146 "For Riding is Required a Horse" : A Pyoblem of Meaning and Reference in Late Fifteenth and Early Sixteenth Century Logic * E. J. ASHWORTH One of the most interesting features of the work of the logicians associated with the University of Paris in the late fifteenth century and the first part of the sixteenth century is their ap- plication of medieval logical doctrines to the discussion of actual examples. In this paper I intend to present a detailed study of one specific example, "For riding is required a horse" [Ad equitandum requiritur equus]. I shall first discuss each of the arguments that was used, showing its place in the general body of logical doctrine; then I shall present three typical texts, together with an analysis of the pat- tern of argument found in each. One text will deal with the problem in the context of contradiction, one in the context of conversion, and one in the context of supposition theory. In this way I hope to deepen our understanding both of the theories and of the techniques of med- ieval and post-medieval logic. PART ONE. DISCUSSION The proposition "For riding is required a horse" was seen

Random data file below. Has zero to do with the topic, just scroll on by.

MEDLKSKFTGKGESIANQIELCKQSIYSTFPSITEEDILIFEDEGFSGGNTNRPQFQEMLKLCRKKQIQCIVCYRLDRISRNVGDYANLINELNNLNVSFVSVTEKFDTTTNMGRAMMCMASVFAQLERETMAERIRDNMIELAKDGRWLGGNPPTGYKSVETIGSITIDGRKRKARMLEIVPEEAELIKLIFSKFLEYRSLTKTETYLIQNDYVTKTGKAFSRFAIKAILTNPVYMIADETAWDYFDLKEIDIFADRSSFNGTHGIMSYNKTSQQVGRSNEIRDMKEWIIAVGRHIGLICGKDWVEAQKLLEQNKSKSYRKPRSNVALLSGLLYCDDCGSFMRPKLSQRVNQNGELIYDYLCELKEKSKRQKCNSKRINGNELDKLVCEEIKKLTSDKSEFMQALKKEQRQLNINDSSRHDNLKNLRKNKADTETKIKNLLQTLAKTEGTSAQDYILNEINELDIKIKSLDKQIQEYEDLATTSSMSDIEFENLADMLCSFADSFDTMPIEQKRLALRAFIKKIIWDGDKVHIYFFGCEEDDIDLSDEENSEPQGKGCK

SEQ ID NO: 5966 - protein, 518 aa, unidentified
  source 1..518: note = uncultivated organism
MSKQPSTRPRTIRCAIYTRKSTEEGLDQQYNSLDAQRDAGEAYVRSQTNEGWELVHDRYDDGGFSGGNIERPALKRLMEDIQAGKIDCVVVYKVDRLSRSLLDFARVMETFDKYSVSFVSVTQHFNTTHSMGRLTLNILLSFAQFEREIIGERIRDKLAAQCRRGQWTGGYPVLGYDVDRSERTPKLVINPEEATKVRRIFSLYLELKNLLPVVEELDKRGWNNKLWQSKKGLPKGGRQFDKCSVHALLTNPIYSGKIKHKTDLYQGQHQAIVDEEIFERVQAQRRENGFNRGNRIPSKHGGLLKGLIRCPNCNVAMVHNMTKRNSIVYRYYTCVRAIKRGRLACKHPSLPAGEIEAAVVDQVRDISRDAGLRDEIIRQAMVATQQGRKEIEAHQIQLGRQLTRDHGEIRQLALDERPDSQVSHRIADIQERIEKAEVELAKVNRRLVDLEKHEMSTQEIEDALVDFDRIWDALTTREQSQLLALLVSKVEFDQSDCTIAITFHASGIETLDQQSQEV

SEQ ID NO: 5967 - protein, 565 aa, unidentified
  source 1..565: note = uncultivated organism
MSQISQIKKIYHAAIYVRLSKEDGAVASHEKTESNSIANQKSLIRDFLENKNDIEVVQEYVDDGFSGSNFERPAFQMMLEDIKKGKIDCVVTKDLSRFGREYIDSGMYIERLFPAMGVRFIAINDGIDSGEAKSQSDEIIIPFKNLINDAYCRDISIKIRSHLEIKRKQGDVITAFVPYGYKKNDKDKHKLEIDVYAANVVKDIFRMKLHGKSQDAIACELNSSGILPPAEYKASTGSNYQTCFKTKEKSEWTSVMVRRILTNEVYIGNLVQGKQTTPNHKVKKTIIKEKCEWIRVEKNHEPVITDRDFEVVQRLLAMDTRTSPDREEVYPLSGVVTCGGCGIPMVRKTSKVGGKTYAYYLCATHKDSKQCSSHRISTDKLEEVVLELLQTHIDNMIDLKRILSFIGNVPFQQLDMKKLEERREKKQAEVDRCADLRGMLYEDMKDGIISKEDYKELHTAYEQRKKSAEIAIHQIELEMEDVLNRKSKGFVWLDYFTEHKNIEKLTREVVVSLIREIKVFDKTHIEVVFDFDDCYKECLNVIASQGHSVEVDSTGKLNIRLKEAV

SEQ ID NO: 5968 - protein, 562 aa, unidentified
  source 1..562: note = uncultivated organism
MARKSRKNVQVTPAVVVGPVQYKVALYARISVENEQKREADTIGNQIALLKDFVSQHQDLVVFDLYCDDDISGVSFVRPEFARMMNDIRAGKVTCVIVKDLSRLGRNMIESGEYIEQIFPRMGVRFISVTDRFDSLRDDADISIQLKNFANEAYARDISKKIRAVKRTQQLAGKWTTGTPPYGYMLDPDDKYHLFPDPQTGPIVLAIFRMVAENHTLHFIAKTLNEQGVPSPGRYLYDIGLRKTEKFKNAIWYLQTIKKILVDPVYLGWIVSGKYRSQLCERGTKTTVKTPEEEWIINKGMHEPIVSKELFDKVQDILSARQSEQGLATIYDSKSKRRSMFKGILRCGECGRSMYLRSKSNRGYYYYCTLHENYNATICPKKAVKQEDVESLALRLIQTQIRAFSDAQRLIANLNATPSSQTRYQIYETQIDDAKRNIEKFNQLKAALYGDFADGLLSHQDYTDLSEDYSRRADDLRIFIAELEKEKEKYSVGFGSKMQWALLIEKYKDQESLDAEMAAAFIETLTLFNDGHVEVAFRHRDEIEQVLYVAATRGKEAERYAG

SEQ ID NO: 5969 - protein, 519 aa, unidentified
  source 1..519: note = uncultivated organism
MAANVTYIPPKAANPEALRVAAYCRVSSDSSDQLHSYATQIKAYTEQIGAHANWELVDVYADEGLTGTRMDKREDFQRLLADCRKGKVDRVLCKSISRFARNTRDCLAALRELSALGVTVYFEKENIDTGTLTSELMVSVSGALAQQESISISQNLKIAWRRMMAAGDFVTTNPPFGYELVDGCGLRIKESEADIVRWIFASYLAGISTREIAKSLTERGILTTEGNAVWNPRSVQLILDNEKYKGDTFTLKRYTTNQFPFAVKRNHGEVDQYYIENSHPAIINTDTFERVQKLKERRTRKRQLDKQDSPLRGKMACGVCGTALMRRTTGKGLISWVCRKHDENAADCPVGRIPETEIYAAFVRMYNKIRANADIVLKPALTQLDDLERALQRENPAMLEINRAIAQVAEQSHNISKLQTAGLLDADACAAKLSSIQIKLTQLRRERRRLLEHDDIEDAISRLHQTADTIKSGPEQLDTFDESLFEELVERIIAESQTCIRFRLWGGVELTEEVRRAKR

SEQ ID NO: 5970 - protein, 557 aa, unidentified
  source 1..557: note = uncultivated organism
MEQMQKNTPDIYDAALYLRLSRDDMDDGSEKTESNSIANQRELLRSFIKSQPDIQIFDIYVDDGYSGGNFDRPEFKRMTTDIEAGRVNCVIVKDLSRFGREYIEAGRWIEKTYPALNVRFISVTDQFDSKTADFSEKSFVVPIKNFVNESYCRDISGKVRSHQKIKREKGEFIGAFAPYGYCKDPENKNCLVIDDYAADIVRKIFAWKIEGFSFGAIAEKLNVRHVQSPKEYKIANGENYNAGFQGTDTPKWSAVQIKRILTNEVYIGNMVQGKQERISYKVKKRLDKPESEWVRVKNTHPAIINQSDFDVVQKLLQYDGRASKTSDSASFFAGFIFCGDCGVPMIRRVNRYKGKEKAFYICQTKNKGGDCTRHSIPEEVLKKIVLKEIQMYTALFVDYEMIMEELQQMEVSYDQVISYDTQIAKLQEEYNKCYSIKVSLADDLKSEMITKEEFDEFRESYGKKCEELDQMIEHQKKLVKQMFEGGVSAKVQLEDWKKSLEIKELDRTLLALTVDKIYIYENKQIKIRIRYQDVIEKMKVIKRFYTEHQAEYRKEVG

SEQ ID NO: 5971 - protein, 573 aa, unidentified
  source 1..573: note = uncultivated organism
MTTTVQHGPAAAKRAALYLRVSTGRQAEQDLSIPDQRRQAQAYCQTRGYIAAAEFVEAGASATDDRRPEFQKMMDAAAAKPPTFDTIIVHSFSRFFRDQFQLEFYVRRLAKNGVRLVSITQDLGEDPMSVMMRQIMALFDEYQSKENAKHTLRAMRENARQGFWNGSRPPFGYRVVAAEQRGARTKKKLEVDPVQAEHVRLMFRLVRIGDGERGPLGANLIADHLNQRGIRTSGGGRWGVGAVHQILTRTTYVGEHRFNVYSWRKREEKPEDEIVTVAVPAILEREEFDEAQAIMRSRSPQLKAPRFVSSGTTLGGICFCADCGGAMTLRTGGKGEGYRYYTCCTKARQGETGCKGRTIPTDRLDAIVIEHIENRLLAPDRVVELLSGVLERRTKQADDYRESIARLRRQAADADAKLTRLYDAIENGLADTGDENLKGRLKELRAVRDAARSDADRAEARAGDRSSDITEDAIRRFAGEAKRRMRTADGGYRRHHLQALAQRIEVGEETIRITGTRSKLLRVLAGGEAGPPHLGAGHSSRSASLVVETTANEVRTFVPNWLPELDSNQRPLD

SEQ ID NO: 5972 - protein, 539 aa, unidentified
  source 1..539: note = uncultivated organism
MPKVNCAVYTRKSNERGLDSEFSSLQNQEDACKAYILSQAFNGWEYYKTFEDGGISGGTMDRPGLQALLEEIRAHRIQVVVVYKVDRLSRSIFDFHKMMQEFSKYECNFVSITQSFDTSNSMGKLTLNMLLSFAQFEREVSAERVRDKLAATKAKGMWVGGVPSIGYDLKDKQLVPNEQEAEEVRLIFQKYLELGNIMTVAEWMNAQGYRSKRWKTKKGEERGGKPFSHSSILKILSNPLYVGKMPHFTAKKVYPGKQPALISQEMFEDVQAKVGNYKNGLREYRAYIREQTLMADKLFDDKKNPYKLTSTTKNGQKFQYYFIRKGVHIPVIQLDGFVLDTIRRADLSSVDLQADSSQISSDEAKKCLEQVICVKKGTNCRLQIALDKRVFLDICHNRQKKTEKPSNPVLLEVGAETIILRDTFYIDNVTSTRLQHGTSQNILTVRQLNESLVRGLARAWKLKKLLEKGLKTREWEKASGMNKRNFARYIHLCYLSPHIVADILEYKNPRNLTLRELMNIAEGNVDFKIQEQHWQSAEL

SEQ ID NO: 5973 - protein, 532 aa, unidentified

Vivarium – Brill
Published: Jan 1, 1974
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